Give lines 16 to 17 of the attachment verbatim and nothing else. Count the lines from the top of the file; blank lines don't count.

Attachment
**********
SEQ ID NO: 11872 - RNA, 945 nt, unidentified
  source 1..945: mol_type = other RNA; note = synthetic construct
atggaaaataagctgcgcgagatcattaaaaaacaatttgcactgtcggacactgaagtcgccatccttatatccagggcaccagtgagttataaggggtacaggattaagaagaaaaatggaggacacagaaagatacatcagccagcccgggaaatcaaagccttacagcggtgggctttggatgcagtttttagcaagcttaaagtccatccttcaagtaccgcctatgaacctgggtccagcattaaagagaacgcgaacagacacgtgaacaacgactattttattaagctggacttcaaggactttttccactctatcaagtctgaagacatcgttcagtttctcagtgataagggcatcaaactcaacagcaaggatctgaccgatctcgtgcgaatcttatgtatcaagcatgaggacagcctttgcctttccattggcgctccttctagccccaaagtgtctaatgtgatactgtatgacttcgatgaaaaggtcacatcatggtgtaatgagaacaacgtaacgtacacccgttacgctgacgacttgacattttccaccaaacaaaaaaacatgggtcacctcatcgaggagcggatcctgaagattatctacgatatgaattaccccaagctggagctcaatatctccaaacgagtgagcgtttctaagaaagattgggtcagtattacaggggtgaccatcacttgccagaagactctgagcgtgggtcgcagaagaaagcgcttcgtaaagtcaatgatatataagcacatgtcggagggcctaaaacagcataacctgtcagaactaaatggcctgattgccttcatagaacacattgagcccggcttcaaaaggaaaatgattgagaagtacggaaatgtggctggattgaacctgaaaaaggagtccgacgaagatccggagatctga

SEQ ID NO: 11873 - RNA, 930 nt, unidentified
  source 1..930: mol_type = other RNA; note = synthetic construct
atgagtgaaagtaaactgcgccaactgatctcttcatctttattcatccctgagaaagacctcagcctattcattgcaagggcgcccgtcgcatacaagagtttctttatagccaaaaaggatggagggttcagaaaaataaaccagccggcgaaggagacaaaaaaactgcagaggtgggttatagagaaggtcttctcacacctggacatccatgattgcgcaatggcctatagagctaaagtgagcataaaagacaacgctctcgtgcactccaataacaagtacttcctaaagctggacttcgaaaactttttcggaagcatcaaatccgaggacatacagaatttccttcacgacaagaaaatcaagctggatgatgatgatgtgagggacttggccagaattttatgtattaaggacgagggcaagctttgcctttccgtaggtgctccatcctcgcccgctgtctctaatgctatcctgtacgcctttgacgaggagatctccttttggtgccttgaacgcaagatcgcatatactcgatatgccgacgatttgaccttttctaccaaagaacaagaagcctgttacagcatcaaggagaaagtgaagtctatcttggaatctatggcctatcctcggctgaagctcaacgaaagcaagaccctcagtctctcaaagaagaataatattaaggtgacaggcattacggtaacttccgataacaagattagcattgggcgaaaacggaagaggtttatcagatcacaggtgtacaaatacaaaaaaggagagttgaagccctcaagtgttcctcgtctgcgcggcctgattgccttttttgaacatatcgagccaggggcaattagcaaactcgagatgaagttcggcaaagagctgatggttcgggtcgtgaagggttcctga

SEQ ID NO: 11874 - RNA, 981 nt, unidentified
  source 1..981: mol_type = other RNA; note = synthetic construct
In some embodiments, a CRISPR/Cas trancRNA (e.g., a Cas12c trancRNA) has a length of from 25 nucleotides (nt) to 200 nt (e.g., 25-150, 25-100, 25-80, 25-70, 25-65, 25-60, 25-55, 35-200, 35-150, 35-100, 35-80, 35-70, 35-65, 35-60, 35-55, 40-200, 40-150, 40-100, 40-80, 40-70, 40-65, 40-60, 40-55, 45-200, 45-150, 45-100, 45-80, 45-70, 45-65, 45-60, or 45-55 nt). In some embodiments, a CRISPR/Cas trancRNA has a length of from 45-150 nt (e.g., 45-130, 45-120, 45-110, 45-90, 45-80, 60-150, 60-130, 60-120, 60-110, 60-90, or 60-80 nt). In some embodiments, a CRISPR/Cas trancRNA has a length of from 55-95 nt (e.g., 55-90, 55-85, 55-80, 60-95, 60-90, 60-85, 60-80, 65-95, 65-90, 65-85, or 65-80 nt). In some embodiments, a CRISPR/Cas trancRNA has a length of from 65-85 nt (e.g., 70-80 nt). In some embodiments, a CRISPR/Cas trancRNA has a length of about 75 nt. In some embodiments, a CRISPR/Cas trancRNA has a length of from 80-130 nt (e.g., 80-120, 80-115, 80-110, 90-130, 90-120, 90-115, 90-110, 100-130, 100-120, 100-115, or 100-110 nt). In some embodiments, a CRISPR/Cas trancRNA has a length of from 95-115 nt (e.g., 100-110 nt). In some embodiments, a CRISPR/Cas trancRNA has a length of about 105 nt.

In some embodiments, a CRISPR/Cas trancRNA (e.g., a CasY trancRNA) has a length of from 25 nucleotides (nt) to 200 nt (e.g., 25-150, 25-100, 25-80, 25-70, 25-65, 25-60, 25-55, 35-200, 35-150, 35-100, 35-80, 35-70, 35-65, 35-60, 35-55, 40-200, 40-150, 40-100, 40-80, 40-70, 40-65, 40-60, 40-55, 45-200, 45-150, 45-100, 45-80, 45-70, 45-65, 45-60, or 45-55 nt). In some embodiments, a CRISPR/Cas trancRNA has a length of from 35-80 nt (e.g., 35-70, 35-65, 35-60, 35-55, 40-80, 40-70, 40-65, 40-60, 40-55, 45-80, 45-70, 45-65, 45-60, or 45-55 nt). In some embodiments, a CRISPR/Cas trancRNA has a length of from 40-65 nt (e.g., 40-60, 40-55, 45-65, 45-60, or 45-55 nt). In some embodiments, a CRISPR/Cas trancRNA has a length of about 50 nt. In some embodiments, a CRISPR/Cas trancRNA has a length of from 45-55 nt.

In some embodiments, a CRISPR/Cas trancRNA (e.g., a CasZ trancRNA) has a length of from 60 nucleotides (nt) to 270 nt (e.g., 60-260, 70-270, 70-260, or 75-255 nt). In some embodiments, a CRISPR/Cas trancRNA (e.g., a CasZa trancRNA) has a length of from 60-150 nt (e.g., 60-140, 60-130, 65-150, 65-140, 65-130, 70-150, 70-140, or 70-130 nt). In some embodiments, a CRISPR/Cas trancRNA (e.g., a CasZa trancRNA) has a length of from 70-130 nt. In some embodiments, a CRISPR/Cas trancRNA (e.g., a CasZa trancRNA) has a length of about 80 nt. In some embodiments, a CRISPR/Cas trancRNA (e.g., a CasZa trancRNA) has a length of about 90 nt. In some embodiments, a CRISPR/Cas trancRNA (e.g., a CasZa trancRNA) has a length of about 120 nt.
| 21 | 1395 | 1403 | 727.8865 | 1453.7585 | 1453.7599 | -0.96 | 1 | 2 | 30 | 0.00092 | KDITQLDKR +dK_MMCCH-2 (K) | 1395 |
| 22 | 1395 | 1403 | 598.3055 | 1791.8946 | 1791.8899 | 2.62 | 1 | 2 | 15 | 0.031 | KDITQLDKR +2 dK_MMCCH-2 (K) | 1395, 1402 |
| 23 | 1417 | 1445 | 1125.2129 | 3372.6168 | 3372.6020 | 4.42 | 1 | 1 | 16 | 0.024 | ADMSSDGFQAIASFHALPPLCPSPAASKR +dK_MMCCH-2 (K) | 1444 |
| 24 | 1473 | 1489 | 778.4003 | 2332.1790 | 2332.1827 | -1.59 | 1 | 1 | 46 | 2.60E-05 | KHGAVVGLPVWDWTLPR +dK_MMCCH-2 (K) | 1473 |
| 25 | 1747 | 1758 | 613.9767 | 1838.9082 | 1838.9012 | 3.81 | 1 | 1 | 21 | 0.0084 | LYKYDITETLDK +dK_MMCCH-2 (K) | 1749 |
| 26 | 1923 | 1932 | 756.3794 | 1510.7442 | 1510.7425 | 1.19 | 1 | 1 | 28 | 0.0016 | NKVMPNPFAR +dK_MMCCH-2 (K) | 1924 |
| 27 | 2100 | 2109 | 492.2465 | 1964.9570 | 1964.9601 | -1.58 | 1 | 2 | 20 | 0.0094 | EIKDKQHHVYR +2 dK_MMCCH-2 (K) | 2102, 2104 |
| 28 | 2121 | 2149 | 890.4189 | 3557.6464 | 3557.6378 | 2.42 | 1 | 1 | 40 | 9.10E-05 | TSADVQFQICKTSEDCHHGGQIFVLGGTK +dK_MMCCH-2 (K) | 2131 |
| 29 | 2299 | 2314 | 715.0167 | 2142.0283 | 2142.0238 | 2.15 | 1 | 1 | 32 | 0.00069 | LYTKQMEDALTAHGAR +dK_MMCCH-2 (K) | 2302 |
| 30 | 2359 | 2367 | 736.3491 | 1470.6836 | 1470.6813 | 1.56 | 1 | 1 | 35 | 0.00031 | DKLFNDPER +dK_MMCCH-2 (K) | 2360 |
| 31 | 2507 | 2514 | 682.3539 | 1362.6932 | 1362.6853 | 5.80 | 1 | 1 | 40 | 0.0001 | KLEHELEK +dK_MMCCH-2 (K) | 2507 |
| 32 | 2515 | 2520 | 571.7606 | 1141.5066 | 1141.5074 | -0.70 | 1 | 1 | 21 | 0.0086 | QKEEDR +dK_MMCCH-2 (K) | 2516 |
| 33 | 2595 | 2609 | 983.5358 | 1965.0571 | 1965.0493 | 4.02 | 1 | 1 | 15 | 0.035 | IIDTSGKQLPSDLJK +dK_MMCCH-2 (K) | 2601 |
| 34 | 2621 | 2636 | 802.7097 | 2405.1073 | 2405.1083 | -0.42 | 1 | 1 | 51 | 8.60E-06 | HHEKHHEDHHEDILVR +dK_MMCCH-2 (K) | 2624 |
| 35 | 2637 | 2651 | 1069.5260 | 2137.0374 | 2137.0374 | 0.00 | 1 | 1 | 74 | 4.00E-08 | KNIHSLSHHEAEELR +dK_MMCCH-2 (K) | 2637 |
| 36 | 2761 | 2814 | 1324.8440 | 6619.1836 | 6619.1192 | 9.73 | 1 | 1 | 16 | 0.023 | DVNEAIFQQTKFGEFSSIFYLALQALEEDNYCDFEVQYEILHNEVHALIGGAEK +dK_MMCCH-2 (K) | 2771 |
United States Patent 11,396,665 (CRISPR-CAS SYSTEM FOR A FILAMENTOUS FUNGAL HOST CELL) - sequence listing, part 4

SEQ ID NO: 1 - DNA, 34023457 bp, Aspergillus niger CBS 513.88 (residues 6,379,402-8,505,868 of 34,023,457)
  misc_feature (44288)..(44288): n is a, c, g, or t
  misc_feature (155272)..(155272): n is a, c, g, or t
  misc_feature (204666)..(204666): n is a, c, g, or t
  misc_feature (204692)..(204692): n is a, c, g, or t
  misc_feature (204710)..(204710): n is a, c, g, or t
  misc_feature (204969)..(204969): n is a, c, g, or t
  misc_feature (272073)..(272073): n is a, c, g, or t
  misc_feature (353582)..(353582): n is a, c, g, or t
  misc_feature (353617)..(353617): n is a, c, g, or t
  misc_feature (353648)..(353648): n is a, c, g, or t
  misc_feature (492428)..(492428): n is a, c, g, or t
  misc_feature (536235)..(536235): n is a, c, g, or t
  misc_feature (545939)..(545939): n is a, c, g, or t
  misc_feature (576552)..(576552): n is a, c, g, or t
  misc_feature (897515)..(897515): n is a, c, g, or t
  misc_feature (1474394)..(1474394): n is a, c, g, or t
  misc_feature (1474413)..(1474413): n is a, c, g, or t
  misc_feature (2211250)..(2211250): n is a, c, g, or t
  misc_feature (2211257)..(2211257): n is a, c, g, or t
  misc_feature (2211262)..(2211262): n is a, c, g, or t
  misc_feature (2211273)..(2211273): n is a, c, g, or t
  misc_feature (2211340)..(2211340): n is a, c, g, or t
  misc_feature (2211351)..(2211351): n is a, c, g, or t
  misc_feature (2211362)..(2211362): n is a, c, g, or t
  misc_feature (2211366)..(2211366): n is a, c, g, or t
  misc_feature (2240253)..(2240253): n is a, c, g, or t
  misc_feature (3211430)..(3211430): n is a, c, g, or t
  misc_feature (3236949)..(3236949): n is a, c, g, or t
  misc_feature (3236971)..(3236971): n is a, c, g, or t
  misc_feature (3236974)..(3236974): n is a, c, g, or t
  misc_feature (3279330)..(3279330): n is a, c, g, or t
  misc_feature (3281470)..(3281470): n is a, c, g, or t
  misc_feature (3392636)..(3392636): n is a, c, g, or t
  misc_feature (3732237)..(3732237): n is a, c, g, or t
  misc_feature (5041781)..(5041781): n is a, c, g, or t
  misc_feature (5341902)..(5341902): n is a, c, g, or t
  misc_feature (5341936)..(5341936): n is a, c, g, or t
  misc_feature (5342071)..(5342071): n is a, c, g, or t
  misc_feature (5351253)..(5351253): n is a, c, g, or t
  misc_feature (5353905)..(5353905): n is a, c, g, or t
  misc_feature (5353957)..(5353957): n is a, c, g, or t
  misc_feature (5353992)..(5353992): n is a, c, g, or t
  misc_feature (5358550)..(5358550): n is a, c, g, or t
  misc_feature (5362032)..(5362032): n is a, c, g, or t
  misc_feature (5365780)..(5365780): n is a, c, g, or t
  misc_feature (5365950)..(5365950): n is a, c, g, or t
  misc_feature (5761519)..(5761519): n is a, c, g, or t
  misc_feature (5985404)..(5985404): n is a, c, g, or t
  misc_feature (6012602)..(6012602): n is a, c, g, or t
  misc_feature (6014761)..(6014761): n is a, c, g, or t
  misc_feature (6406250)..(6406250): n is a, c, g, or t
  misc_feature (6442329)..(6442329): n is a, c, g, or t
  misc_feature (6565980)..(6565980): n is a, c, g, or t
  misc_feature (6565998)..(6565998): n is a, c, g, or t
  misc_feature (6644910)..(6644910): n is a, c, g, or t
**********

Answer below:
| 25 | 1747 | 1758 | 613.9767 | 1838.9082 | 1838.9012 | 3.81 | 1 | 1 | 21 | 0.0084 | LYKYDITETLDK +dK_MMCCH-2 (K) | 1749 |
| 26 | 1923 | 1932 | 756.3794 | 1510.7442 | 1510.7425 | 1.19 | 1 | 1 | 28 | 0.0016 | NKVMPNPFAR +dK_MMCCH-2 (K) | 1924 |